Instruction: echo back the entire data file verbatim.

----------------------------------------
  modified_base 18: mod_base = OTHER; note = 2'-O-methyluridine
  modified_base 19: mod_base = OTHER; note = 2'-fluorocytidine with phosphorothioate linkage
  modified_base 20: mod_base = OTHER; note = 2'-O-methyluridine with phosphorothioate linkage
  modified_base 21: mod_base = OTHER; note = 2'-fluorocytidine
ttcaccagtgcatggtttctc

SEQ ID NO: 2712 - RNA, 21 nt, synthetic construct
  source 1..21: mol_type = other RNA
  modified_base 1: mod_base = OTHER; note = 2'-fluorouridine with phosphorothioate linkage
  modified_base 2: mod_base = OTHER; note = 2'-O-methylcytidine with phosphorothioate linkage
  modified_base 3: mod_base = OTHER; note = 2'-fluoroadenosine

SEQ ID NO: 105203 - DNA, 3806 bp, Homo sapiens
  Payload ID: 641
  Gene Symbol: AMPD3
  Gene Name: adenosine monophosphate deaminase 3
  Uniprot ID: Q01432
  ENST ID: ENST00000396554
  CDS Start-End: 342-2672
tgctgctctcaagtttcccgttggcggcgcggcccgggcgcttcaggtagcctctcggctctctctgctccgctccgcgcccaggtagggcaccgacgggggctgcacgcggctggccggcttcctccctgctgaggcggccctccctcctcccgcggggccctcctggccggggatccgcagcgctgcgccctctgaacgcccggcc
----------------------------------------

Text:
  modified_base 18: mod_base = OTHER; note = 2'-O-methyluridine
  modified_base 19: mod_base = OTHER; note = 2'-fluorocytidine with phosphorothioate linkage
  modified_base 20: mod_base = OTHER; note = 2'-O-methyluridine with phosphorothioate linkage
  modified_base 21: mod_base = OTHER; note = 2'-fluorocytidine
ttcaccagtgcatggtttctc

SEQ ID NO: 2712 - RNA, 21 nt, synthetic construct
  source 1..21: mol_type = other RNA
  modified_base 1: mod_base = OTHER; note = 2'-fluorouridine with phosphorothioate linkage
  modified_base 2: mod_base = OTHER; note = 2'-O-methylcytidine with phosphorothioate linkage
  modified_base 3: mod_base = OTHER; note = 2'-fluoroadenosine

SEQ ID NO: 105203 - DNA, 3806 bp, Homo sapiens
  Payload ID: 641
  Gene Symbol: AMPD3
  Gene Name: adenosine monophosphate deaminase 3
  Uniprot ID: Q01432
  ENST ID: ENST00000396554
  CDS Start-End: 342-2672
tgctgctctcaagtttcccgttggcggcgcggcccgggcgcttcaggtagcctctcggctctctctgctccgctccgcgcccaggtagggcaccgacgggggctgcacgcggctggccggcttcctccctgctgaggcggccctccctcctcccgcggggccctcctggccggggatccgcagcgctgcgccctctgaacgcccggcc